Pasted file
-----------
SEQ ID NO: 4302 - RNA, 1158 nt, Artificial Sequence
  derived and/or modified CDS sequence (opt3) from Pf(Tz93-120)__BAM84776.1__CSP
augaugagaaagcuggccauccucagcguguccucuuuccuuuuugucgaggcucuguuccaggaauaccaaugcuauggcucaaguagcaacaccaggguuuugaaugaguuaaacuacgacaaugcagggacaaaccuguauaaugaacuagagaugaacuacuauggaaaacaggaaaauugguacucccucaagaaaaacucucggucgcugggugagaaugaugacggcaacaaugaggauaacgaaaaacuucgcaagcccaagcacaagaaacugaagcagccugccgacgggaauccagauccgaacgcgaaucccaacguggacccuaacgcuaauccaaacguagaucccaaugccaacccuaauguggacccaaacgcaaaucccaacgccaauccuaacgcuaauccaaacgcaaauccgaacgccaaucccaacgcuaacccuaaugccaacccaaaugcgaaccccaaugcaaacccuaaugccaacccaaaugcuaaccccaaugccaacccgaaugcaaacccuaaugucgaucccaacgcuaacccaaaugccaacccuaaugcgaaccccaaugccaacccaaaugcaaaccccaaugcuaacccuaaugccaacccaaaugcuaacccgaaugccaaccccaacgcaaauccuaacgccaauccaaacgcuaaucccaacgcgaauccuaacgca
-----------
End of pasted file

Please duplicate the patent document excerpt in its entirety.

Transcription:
SEQ ID NO: 4302 - RNA, 1158 nt, Artificial Sequence
  derived and/or modified CDS sequence (opt3) from Pf(Tz93-120)__BAM84776.1__CSP
augaugagaaagcuggccauccucagcguguccucuuuccuuuuugucgaggcucuguuccaggaauaccaaugcuauggcucaaguagcaacaccaggguuuugaaugaguuaaacuacgacaaugcagggacaaaccuguauaaugaacuagagaugaacuacuauggaaaacaggaaaauugguacucccucaagaaaaacucucggucgcugggugagaaugaugacggcaacaaugaggauaacgaaaaacuucgcaagcccaagcacaagaaacugaagcagccugccgacgggaauccagauccgaacgcgaaucccaacguggacccuaacgcuaauccaaacguagaucccaaugccaacccuaauguggacccaaacgcaaaucccaacgccaauccuaacgcuaauccaaacgcaaauccgaacgccaaucccaacgcuaacccuaaugccaacccaaaugcgaaccccaaugcaaacccuaaugccaacccaaaugcuaaccccaaugccaacccgaaugcaaacccuaaugucgaucccaacgcuaacccaaaugccaacccuaaugcgaaccccaaugccaacccaaaugcaaaccccaaugcuaacccuaaugccaacccaaaugcuaacccgaaugccaaccccaacgcaaauccuaacgccaauccaaacgcuaaucccaacgcgaauccuaacgca